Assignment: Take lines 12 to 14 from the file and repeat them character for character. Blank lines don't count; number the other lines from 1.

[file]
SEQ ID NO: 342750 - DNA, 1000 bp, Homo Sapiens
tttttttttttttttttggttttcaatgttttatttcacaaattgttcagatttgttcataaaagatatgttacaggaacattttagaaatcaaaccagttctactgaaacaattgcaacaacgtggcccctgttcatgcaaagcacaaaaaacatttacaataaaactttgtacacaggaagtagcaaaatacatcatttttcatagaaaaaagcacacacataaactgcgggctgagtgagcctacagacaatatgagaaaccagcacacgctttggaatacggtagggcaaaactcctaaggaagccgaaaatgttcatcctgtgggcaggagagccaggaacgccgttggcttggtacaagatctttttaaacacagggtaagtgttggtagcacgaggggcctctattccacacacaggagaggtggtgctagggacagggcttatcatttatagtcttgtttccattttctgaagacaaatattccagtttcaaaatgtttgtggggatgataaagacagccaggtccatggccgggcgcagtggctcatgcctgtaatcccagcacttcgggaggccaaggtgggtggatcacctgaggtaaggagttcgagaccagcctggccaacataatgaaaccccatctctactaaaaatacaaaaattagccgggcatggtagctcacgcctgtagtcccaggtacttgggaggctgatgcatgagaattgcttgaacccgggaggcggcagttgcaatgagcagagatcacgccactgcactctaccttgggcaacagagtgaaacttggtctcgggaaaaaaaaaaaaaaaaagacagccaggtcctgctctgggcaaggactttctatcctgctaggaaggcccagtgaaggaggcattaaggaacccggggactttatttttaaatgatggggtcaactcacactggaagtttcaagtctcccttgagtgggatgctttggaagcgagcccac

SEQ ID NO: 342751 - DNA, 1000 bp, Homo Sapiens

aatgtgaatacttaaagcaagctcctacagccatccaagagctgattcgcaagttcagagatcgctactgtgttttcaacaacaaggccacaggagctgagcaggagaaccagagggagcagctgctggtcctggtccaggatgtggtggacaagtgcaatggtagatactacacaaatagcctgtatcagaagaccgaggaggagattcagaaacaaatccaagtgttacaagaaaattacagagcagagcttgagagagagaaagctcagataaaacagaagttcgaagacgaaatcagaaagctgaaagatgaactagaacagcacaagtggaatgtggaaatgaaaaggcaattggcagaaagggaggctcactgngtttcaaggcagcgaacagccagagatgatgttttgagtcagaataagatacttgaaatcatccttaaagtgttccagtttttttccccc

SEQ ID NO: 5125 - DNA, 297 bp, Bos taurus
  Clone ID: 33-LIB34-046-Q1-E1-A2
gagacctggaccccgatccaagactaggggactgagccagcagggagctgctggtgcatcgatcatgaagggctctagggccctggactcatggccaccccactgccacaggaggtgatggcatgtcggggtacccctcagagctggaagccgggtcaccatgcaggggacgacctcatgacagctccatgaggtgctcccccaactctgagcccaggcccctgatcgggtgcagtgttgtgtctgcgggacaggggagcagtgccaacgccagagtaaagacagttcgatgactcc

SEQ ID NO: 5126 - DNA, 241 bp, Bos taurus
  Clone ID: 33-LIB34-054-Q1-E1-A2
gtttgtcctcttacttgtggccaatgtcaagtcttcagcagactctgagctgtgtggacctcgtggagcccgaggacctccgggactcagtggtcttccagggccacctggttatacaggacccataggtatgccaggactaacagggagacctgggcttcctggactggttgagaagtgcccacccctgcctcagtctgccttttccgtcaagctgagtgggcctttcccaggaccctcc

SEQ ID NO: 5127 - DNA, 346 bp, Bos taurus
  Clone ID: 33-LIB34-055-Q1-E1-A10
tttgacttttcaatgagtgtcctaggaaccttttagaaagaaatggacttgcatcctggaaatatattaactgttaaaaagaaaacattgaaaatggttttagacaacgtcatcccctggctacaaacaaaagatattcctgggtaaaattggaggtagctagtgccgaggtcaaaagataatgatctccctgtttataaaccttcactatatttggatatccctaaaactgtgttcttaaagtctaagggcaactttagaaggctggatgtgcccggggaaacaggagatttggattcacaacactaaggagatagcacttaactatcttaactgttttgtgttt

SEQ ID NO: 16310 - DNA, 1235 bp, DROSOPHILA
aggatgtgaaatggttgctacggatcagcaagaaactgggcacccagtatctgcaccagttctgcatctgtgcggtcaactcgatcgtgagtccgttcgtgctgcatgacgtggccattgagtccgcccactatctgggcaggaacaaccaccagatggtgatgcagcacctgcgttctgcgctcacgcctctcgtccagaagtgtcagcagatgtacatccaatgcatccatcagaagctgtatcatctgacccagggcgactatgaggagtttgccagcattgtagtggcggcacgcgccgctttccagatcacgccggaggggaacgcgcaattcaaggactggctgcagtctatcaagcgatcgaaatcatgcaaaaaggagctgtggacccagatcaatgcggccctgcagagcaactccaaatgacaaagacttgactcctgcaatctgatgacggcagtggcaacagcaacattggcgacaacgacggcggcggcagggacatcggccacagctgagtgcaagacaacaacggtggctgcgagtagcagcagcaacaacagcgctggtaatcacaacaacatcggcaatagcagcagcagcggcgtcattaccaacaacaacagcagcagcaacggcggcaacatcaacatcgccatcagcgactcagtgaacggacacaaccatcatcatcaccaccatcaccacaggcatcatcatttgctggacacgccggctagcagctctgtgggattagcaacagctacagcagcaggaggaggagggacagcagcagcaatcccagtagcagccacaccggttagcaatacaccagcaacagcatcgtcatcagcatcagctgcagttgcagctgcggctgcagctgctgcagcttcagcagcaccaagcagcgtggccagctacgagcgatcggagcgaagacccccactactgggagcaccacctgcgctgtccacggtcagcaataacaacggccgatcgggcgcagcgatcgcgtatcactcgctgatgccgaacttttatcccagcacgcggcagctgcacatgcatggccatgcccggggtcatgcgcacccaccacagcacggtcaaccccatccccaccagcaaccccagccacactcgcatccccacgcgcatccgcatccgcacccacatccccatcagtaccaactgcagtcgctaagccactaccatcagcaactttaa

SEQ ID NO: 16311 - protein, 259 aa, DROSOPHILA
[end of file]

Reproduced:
  Clone ID: 33-LIB34-055-Q1-E1-A10
tttgacttttcaatgagtgtcctaggaaccttttagaaagaaatggacttgcatcctggaaatatattaactgttaaaaagaaaacattgaaaatggttttagacaacgtcatcccctggctacaaacaaaagatattcctgggtaaaattggaggtagctagtgccgaggtcaaaagataatgatctccctgtttataaaccttcactatatttggatatccctaaaactgtgttcttaaagtctaagggcaactttagaaggctggatgtgcccggggaaacaggagatttggattcacaacactaaggagatagcacttaactatcttaactgttttgtgttt

SEQ ID NO: 16310 - DNA, 1235 bp, DROSOPHILA